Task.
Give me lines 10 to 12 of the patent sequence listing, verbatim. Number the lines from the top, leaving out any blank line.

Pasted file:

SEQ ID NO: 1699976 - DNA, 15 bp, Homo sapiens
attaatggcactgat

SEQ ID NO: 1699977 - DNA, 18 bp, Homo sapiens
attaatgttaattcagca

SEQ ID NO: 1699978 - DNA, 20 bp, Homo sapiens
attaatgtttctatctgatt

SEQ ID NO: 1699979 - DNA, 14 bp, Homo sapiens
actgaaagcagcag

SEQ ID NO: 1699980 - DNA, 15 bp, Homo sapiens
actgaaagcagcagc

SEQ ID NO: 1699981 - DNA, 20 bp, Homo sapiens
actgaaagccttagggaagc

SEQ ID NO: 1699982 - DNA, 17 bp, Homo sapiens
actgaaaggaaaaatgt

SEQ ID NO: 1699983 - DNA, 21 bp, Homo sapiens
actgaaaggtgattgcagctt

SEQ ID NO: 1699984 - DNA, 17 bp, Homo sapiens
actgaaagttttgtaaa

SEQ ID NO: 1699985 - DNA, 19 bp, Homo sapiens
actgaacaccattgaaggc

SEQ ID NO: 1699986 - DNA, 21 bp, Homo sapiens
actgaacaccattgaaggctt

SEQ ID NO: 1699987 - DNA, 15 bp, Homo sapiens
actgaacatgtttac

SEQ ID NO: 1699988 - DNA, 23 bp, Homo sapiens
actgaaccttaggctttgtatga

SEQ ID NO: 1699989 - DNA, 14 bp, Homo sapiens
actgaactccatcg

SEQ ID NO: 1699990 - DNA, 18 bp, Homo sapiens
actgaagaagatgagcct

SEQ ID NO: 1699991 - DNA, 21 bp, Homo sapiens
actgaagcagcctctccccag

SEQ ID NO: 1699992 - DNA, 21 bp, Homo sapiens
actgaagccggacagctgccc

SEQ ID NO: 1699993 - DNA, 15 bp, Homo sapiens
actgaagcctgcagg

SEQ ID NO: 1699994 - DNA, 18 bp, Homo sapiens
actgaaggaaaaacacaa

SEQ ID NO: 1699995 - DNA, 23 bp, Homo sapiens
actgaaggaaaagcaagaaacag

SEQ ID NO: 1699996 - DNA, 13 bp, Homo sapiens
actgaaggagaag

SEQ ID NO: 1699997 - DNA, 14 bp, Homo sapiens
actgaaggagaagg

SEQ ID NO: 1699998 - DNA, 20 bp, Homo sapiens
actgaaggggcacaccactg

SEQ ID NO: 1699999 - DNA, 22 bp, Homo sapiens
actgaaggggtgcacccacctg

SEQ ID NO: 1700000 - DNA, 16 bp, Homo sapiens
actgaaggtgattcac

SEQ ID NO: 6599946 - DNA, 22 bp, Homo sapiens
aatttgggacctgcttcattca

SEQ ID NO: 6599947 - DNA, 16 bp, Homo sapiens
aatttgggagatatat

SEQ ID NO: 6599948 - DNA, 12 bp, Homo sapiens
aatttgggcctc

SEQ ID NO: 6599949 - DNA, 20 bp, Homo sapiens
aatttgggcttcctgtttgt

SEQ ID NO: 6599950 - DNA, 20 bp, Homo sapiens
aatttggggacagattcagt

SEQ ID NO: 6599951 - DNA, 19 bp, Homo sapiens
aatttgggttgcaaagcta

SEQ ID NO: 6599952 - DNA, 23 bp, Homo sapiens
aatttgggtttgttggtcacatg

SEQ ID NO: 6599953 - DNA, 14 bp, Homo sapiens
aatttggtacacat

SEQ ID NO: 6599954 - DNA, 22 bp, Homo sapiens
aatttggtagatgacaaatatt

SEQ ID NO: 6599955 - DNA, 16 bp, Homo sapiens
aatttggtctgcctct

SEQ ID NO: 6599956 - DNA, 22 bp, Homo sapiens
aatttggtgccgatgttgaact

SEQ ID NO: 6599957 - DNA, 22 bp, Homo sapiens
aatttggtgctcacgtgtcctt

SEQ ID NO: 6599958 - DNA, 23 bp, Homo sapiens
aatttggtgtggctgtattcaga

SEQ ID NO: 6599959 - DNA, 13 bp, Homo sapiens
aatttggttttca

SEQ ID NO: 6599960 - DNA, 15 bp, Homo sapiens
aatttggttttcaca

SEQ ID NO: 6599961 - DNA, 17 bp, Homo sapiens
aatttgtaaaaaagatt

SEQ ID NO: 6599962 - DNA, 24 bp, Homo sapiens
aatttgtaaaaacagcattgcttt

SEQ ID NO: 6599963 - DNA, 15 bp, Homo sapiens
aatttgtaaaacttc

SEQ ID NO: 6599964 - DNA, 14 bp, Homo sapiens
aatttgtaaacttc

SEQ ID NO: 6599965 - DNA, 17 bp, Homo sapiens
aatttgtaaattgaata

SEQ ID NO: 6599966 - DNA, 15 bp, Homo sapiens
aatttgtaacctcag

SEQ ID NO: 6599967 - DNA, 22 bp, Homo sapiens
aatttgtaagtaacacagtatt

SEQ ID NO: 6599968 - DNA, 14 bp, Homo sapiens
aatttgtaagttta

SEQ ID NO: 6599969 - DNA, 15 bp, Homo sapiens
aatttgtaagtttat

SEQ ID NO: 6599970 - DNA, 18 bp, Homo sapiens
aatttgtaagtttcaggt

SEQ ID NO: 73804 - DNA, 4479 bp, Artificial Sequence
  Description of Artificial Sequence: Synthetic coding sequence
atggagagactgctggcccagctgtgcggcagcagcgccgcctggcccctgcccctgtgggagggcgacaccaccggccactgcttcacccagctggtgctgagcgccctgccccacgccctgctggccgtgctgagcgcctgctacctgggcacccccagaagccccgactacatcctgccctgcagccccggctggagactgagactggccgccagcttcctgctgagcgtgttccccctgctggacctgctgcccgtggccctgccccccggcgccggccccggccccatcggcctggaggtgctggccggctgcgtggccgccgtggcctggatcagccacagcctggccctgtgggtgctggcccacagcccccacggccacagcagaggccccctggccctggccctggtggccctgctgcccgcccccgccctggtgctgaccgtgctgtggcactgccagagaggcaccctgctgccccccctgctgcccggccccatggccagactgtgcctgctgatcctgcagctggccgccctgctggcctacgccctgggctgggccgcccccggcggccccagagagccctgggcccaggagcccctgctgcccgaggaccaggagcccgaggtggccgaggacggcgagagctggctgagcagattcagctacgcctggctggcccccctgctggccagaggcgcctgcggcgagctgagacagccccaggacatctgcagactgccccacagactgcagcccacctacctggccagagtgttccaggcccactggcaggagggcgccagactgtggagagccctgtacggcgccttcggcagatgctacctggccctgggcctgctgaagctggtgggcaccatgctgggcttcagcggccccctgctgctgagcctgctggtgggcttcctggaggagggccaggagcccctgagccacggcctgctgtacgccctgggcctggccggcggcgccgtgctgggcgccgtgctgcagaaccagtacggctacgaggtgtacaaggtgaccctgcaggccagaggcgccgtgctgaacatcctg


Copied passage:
actgaaagcagcagc

SEQ ID NO: 1699981 - DNA, 20 bp, Homo sapiens
actgaaagccttagggaagc